• Trade – Students are divided on what the main focus of Canada’s free trade agreements should be, but are opposed to trading with countries that have records of human rights abuse.
  • Defence – Students are split on the issue of defence spending and do not consider national defence to be a high priority.

 

To view an info-graphic of the results highlights, click here.

To view the complete results report, click here.

To view a map of participating schools, click here.

 

About the Student Budget Consultation

The Student Budget Consultation provides youth with an opportunity to learn about the government’s revenues and expenditures, discuss important political issues and suggested policies, and offer their insights on the priorities of the federal budget. The opinions of students are collected through a survey and the results are shared with the federal Department of Finance and with all federal political parties so that they can see what matters to young Canadians in advance of the 2019 federal election.

The 2019 Student Budget Consultation was organized by CIVIX with the support of the Government of Canada.

The 2019 Student Budget Consultation survey was conducted in partnership with Vox Pop Labs between November 2018 and March 2019.

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CIVIX Announces new Board Chair and Directors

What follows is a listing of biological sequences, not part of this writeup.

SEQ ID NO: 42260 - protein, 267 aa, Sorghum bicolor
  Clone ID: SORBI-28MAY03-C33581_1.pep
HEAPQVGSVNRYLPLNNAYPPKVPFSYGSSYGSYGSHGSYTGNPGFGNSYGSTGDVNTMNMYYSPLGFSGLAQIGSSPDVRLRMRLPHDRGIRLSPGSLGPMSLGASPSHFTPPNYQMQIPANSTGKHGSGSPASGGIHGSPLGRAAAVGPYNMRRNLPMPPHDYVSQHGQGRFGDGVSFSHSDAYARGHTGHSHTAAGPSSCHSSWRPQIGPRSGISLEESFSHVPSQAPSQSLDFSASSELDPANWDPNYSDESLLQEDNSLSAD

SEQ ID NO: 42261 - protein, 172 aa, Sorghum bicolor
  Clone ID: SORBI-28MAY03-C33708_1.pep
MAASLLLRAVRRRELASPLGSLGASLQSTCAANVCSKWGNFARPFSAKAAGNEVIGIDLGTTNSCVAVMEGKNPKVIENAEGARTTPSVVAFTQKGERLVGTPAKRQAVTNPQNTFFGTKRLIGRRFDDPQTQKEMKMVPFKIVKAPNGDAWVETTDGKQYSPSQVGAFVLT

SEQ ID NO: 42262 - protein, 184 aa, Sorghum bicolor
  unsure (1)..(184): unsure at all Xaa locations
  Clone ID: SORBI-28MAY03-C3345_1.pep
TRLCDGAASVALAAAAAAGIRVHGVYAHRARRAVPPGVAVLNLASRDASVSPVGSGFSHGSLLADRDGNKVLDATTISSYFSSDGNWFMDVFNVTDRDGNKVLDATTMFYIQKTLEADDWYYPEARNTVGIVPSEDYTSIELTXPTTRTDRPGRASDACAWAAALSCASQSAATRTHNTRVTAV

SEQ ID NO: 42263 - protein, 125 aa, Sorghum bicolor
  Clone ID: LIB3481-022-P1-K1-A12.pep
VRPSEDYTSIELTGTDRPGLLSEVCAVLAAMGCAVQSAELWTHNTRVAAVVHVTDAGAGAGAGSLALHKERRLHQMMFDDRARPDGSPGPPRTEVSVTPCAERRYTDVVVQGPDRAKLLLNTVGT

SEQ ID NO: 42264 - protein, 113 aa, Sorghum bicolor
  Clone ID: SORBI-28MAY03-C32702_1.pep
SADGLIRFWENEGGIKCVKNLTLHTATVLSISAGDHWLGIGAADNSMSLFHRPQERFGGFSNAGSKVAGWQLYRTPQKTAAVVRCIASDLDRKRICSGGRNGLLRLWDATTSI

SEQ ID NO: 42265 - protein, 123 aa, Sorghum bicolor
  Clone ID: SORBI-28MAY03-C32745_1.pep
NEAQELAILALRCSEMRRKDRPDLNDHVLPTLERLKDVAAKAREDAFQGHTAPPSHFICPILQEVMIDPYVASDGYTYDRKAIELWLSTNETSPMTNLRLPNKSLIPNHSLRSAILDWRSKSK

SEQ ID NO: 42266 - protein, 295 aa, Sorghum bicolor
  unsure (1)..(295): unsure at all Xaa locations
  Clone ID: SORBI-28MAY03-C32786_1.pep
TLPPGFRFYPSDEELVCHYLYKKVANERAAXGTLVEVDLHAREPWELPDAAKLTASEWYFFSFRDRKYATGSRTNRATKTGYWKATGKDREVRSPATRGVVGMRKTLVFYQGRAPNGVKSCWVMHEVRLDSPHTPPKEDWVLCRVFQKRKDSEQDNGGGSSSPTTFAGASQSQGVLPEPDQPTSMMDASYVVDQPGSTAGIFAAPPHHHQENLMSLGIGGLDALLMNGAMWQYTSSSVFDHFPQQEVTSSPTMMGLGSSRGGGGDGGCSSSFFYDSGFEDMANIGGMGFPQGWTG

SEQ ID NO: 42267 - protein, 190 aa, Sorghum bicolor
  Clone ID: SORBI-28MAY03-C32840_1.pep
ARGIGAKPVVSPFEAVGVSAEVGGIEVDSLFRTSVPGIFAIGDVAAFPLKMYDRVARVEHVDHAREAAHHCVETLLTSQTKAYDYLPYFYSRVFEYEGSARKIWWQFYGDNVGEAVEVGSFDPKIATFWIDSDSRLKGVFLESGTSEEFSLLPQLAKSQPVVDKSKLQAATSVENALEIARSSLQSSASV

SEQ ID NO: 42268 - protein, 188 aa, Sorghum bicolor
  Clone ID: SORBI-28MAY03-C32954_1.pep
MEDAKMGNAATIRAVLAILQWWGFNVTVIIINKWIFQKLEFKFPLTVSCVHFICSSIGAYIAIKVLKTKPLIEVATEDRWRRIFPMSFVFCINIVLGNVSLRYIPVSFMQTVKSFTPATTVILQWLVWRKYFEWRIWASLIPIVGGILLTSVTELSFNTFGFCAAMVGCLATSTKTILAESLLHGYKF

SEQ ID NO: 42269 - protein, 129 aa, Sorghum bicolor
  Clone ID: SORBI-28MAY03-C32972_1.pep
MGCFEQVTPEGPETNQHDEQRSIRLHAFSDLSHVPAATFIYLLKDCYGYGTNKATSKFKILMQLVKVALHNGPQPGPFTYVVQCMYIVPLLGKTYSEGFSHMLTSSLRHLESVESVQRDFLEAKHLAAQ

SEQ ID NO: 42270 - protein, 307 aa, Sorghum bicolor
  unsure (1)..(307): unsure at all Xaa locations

January 10th, 2019 by CIVIX

January 10, 2019: CIVIX, a non-partisan, national, registered charity dedicated to building the habits of active and engaged citizenship among young Canadians, is pleased to welcome five new members to its Board of Directors and to confirm the election of a new Board Chair. CIVIX founder and President, Taylor Gunn, and new Chair, Francis LeBlanc, made the announcement today.

The additions to the Board of Directors are:

  • Robert Asselin, Senior Director, Public Policy, at Blackberry, and a Senior Fellow at the Munk School of Global Affairs and Public Policy at the University of Toronto and at the Public Policy Forum in Ottawa.
  • Megan Beretta, Policy Analyst at the Canadian Digital Service, recent graduate of the University of Oxford’s Internet Institute, and CIVIX alumni.
  • Rachel Curran, Senior Associate with Harper & Associates and Practitioner-in-Residence at the Clayton H. Riddell School of Political Management at Carleton University, and a former Policy Director to Prime Minister Stephen Harper.
  • Elizabeth Dubois, CIVIX alumni, Assistant Professor of Communication and member of the Centre for Law, Technology and Society at the University of Ottawa.
  • Kathleen Monk, Principal at Earnscliffe Strategies, founding Executive Director of the Broadbent Institute, and former Director of Strategic Communications to NDP Leader Jack Layton.

The new Chair, Francis LeBlanc, is a former MP and currently Executive Director of the Canadian Association of Former Parliamentarians. He succeeds Chris Wilkins, President and CEO of Edge Interactive, a student recruitment solutions company, who will remain on the Board as Past Chair.

The other members of the CIVIX Board comprise:

  • Peter Donolo, Vice Chair at Hill & Knowlton and former Director of Communications to Prime Minister Jean Chrétien.